Natives of southern climes, opossums are not particularly well equipped for life in the cold, and yet they have been migrating north in increasing numbers over the last decades. Unlike other fur-bearing mammals in the region, opossums have relatively thin coats, and their ears, tails, and feet are virtually hairless.
Besides lacking the proper outerwear, opossums do not hibernate. Except for denning up for short periods during the very coldest weather, they must be out and about all winter searching for food, which makes them extremely vulnerable to hypothermia and frostbite. In fact, wildlife biologists use signs of frostbite to judge an opossum’s age; a frostbitten tail and ears show that the animal has lived through at least one winter.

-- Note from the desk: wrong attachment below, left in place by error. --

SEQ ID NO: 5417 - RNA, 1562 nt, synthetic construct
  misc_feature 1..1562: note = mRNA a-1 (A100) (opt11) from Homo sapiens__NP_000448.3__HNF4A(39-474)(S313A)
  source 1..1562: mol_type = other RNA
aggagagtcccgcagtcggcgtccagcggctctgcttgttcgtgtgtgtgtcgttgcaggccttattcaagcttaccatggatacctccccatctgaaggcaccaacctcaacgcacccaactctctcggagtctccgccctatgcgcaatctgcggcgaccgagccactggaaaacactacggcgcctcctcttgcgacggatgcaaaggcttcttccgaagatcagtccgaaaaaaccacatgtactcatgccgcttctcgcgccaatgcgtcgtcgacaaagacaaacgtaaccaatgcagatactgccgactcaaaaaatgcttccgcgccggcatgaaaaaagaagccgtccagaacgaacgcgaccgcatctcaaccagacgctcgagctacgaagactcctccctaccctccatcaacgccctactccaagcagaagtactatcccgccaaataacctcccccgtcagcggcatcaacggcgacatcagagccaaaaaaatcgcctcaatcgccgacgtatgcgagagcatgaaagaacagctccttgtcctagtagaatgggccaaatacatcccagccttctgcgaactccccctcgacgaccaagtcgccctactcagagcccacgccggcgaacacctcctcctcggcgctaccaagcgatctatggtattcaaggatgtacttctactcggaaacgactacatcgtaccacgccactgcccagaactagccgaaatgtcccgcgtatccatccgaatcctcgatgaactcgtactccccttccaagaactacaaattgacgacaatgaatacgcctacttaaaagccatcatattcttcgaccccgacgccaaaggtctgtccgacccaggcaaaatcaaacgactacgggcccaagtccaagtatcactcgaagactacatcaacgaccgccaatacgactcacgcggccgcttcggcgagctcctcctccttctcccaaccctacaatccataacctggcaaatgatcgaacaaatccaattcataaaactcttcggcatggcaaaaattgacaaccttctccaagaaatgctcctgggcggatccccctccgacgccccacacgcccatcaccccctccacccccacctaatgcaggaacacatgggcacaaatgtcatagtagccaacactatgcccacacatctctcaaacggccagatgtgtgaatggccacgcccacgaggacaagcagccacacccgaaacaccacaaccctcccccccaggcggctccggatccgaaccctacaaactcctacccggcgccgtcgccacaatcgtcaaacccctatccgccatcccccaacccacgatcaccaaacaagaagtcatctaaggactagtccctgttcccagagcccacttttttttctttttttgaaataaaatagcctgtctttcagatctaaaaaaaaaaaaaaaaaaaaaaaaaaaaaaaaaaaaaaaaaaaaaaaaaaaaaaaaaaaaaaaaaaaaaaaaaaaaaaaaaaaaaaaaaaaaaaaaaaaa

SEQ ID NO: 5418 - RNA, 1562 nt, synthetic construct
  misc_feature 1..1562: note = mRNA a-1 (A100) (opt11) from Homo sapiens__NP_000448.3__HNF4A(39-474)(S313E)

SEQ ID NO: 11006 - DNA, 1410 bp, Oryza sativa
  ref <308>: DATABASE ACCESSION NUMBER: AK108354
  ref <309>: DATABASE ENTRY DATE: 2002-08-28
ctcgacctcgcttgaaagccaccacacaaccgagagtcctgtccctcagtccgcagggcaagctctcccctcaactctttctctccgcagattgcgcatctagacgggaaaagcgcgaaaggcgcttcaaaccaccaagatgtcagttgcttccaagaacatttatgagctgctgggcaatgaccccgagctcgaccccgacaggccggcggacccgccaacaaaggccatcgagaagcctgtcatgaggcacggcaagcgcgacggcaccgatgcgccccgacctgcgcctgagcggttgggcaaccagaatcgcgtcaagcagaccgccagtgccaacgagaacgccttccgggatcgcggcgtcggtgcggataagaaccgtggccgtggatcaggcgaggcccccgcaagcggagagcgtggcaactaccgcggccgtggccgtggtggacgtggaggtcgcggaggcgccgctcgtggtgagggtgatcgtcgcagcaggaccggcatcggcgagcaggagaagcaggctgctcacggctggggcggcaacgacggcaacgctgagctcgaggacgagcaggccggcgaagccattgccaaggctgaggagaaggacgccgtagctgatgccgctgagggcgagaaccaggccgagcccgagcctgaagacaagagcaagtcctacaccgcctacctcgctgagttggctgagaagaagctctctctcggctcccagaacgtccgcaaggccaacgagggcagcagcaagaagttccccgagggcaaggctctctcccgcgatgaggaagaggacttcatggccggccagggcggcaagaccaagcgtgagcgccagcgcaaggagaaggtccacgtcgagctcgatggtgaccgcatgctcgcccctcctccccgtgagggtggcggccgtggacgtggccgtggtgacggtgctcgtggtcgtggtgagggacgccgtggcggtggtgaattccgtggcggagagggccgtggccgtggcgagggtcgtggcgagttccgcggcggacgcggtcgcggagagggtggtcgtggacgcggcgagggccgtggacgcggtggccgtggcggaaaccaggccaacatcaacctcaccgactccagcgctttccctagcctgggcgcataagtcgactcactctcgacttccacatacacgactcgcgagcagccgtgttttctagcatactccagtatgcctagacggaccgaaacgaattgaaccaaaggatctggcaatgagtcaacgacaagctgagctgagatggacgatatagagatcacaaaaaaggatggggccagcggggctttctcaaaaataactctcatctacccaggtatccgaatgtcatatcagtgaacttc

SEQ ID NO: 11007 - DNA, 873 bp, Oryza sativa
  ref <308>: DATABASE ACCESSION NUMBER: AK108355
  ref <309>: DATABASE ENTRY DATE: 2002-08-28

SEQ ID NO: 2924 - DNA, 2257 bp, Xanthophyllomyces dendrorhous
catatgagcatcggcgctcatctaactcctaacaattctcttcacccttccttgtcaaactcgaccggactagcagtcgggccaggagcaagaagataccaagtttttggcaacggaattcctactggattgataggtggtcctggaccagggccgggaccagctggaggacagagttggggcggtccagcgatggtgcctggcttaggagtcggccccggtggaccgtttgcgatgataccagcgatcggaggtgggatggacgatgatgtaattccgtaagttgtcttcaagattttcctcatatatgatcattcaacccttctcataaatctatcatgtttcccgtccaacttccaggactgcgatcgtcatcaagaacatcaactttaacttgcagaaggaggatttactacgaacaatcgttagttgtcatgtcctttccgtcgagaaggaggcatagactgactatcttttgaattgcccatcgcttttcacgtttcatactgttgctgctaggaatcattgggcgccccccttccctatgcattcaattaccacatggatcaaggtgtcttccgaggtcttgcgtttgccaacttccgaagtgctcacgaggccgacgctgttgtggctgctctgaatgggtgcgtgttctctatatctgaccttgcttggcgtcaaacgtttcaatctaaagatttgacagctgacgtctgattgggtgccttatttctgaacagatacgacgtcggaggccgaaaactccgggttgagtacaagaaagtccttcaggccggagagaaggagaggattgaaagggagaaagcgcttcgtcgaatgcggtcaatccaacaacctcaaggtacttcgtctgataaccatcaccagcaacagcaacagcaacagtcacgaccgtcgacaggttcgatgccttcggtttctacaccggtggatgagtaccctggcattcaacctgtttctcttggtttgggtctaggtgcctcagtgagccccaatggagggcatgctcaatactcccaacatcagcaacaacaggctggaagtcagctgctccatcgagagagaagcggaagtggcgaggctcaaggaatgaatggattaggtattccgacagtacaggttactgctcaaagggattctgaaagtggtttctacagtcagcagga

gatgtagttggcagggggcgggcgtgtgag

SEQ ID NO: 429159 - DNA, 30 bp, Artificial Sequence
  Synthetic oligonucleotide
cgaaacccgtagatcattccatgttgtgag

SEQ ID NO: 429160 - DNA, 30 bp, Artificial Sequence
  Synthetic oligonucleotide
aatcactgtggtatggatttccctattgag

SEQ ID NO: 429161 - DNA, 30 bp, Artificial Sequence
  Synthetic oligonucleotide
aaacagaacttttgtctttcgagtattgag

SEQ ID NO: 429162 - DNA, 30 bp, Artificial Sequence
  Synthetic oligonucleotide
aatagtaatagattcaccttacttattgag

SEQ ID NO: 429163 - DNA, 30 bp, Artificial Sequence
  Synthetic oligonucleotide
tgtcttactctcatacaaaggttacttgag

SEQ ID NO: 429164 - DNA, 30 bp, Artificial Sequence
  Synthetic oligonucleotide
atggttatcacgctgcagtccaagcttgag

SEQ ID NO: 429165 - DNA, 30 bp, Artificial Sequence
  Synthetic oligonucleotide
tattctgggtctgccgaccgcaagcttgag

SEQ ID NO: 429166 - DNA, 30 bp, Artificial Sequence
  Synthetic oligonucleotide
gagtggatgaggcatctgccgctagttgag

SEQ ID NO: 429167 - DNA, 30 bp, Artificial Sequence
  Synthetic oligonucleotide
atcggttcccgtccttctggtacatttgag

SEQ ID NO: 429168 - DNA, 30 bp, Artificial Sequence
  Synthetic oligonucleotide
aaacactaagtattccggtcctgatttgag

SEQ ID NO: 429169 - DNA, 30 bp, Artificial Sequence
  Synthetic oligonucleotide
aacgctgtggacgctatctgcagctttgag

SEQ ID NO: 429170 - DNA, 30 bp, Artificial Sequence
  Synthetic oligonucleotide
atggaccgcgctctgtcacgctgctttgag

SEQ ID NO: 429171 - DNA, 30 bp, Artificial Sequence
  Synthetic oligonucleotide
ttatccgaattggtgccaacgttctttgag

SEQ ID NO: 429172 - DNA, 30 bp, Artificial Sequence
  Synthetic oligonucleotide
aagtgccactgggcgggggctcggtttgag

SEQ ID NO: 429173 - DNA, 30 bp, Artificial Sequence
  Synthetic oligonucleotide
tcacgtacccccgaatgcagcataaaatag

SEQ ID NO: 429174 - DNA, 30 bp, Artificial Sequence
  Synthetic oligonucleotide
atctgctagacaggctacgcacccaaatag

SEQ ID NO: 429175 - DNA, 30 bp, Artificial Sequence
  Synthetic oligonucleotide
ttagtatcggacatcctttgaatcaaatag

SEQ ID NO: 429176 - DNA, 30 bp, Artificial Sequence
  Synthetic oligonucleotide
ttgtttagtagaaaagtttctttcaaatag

When provided with adequate winter shelter, opossums can survive the cold northern winters. Although there is virtually no information online about how to build winter opossum shelters, there is an abundance of information on how to create winter shelters for stray cats. Luckily for us, opossums and stray cats have very similar shelter needs.
Click here to be taken to a Neighborhoodcats.org article that has examples of inexpensive, do-it-yourself shelters that can be built in a matter of hours or less. All designs are well-insulated, have minimal air space and are waterproof. Further down on the page, you will find information on flap doors, extra protection for extreme cold and insulating materials to place inside your opossum/cat shelters.
(Most of the information in this blog post was from taken from a northernwoodlands.org article by Catherin Tudish ("Opossums Find Cold Comfort in New England's Winters") and NEIGHBORHOODCATS.ORG)